We agree with Neiswinger that Trial Rule 4 calls for service of the summons and complaint on the party, not the attorney, to secure jurisdiction. We also agree that Trial Rule 5(B) requires service of subsequent papers only on attorneys who have filed their appearance in the case. Trial Rules 4 and 5 anticipate that a defendant in a lawsuit may not have retained an attorney at the time suit is filed. Even if the defendant has a lawyer, the plaintiff may not know that. Accordingly, these Rules do not require notice service on an attorney. But neither provision excludes the possibility that the plaintiff's attorney has knowledge of the defendant's representation. We hold that that knowledge gives rise to a corresponding duty under the Rules of Professional Conduct to provide notice before seeking any relief from the court.
    There can be no doubt that Neiswinger was on notice that Locke Reynolds was representing Smith in this matter. Nearly three years after the default judgment was entered, Neiswinger continued to argue before this Court that she had no duty to provide notice to the attorneys who represented Smith in the panel proceeding because the two proceedings were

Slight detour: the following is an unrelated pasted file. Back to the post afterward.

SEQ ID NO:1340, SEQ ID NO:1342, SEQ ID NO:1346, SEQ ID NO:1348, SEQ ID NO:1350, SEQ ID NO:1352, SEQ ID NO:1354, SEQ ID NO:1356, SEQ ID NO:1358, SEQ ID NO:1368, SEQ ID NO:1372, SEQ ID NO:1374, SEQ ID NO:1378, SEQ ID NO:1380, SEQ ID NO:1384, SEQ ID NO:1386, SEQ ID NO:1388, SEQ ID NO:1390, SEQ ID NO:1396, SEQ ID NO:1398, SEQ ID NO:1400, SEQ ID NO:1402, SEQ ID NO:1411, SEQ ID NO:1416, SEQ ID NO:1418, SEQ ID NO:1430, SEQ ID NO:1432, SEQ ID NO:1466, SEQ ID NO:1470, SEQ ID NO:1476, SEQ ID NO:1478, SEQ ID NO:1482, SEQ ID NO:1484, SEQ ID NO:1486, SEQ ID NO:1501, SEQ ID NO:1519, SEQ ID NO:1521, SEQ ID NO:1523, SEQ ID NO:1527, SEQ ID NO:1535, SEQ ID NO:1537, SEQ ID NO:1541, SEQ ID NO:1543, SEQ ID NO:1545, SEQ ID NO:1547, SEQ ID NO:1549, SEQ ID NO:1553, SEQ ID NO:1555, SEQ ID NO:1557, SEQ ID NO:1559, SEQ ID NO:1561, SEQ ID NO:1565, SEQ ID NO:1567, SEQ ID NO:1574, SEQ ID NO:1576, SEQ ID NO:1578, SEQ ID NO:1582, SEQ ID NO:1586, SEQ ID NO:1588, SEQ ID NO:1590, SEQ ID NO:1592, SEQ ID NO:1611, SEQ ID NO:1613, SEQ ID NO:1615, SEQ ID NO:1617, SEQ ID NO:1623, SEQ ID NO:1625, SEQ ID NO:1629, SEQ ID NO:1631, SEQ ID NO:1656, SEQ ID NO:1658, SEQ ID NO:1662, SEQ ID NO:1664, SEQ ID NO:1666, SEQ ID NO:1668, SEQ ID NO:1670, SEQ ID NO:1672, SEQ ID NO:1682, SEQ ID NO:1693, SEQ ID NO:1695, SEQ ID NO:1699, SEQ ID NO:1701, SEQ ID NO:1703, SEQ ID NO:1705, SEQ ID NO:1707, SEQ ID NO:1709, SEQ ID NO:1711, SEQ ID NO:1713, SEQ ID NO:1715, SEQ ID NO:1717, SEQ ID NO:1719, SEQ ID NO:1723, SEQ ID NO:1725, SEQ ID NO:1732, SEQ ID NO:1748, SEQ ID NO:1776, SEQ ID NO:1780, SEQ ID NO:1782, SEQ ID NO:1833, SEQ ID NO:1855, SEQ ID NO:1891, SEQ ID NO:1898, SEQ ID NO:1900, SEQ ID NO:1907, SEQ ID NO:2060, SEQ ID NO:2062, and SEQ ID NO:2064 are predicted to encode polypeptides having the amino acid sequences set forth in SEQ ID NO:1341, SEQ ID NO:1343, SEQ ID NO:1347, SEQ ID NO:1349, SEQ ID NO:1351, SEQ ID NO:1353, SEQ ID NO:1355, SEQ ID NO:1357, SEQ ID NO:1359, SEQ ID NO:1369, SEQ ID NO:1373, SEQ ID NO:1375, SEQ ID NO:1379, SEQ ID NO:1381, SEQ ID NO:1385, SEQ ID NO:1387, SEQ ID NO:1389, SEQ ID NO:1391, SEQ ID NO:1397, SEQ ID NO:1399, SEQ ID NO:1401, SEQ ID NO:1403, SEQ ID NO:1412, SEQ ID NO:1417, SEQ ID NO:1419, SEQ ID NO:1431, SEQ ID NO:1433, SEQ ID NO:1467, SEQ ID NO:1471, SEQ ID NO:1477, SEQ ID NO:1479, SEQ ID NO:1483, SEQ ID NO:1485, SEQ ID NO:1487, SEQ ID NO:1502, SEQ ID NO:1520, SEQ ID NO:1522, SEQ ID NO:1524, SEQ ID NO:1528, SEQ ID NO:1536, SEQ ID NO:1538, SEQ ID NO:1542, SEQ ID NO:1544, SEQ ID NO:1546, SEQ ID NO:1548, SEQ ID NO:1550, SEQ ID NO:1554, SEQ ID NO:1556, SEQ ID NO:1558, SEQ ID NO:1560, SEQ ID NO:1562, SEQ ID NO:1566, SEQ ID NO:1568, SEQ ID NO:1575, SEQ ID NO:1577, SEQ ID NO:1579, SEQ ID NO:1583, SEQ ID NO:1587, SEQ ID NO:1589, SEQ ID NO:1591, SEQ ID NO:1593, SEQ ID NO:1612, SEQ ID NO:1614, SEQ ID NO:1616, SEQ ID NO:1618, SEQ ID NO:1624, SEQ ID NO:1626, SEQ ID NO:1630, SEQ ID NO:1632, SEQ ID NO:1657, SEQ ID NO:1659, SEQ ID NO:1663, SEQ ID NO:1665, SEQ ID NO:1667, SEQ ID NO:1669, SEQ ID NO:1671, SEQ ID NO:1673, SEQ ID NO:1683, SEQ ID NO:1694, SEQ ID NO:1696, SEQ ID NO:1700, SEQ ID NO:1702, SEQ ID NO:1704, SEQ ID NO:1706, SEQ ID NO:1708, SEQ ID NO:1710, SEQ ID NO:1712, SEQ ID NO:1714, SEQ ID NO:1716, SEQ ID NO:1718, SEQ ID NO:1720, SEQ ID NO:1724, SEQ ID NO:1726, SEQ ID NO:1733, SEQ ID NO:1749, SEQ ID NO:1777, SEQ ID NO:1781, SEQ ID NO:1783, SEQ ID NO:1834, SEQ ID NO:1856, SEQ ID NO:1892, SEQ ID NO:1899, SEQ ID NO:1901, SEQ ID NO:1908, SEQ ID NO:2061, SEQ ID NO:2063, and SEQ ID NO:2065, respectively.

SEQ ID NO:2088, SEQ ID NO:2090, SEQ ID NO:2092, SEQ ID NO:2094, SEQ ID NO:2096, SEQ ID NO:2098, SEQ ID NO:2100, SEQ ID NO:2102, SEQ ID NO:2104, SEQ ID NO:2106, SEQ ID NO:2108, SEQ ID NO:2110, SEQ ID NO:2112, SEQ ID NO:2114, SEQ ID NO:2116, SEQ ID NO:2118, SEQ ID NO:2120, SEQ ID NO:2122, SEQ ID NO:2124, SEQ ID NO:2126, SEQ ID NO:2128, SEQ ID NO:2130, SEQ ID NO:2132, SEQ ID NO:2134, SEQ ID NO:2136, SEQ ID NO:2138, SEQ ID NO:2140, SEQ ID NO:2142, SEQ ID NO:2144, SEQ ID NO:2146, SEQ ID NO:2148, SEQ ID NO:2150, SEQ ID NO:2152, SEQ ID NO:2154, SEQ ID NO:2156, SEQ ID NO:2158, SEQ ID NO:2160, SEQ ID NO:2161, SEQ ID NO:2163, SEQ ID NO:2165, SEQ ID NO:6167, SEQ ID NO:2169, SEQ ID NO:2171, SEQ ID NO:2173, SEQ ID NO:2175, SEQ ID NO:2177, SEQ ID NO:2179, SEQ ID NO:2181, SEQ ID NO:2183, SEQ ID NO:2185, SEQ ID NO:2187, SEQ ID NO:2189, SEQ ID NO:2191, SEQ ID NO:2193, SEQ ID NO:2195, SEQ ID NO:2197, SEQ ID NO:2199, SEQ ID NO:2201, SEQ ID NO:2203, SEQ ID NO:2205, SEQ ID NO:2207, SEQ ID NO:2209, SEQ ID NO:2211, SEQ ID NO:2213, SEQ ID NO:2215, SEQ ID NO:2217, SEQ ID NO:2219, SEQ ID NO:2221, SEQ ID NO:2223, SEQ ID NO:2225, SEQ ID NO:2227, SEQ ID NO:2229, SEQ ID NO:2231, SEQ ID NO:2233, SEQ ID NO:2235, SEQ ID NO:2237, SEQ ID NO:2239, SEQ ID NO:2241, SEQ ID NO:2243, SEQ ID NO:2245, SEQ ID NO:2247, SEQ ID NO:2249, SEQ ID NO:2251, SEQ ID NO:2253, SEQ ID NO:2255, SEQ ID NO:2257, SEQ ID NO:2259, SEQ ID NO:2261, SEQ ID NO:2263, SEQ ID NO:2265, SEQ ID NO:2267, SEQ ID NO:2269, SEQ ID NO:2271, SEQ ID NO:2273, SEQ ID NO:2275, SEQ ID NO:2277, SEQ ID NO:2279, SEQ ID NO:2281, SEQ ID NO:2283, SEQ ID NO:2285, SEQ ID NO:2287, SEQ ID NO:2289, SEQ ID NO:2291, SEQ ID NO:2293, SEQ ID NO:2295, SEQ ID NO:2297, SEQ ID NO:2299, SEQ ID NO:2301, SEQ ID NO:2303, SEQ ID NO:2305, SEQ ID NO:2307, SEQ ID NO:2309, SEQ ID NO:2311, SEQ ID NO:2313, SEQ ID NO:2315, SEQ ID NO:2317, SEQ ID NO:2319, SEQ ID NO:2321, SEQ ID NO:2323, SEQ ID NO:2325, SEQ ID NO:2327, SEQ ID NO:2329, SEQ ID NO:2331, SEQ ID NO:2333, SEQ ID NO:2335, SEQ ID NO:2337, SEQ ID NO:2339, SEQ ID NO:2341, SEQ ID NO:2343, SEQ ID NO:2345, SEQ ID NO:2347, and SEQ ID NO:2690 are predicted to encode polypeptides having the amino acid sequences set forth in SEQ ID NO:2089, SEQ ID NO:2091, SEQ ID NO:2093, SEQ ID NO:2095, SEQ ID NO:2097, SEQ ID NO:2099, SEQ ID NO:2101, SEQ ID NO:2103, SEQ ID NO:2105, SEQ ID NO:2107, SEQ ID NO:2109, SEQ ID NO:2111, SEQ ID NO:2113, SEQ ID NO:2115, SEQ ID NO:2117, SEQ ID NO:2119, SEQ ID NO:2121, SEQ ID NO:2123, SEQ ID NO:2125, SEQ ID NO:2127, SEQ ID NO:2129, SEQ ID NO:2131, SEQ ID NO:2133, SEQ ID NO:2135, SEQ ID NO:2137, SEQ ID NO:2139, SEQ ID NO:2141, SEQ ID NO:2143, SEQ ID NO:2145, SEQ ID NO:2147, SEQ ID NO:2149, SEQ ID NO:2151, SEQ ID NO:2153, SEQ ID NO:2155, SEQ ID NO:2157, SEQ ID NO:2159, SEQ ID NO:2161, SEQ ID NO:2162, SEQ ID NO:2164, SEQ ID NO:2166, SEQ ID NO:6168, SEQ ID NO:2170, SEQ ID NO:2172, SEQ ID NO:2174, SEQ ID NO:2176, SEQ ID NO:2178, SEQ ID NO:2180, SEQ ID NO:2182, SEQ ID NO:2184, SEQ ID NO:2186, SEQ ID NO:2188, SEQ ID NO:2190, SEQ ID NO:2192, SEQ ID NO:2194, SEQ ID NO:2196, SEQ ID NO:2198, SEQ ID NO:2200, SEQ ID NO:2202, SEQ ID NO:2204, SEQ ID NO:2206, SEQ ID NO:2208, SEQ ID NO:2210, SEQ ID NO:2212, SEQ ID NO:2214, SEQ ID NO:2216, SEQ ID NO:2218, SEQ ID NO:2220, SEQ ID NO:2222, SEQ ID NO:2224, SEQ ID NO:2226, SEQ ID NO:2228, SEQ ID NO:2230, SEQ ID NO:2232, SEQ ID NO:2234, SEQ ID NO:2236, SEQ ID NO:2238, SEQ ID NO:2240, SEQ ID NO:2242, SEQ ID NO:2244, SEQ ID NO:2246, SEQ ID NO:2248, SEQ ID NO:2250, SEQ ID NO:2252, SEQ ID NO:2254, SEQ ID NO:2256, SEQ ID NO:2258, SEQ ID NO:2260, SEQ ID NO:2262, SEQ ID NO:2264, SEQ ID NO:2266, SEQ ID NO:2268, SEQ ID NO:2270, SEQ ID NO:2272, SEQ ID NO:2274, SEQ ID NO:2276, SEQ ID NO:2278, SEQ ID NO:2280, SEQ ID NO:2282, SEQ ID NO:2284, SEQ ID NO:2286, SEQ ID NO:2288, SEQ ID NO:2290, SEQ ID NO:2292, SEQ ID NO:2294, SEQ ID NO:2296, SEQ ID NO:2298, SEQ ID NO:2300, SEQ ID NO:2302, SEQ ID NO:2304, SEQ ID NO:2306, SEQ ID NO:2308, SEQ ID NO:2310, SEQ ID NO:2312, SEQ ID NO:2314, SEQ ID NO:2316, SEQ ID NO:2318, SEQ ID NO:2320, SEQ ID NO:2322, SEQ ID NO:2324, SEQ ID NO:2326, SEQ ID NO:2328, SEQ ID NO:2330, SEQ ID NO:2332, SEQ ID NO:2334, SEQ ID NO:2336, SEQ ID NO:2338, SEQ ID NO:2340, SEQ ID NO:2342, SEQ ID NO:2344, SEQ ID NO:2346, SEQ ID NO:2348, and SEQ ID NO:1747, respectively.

distinct.See footnote 4 Yet after the panel proceeding Neiswinger sent a settlement demand to Locke Reynolds. It is obvious that she assumed, consistent with normal practice, that Locke Reynolds continued to represent Smith after panel proceedings ended. Certainly there was no indication to the contrary. This assumption was confirmed in writing by a letter from Locke Reynolds rejecting the settlement demand. Apparently this letter arrived the same day suit was filed. In any event, it confirmed Smith's continued representation by Locke Reynolds after the panel proceedings. Nonetheless, when Neiswinger did not receive a response to the complaint, she did not place a call to the attorneys she knew represented Smith. Neiswinger's conduct is consistent with Trial Rules 4 and 5 but, as explained below, is unacceptable under the Rules of Professional Conduct. To the extent that Bonaventura v. Leach, 670 N.E.2d 123 (Ind. Ct. App. 1996), can be read to permit this conduct by an attorney, it is disapproved.See footnote 5
    Johnston argues that the Rules of Professional Conduct do not impose a duty to provide a copy of the complaint or the motion for default to counsel who have not appeared,

and therefore his attorney engaged in no misconduct.See footnote 6 “This Court has a particular constitutional responsibility with respect to the supervision of the practice of law.” Fire Ins. Exchange v. Bell by Bell, 643 N.E.2d 310, 312 (Ind. 1994). Accordingly, although this is not a disciplinary proceeding, we look to the Rules of Professional Conduct for guidance in evaluating a lawyer's responsibilities. See id.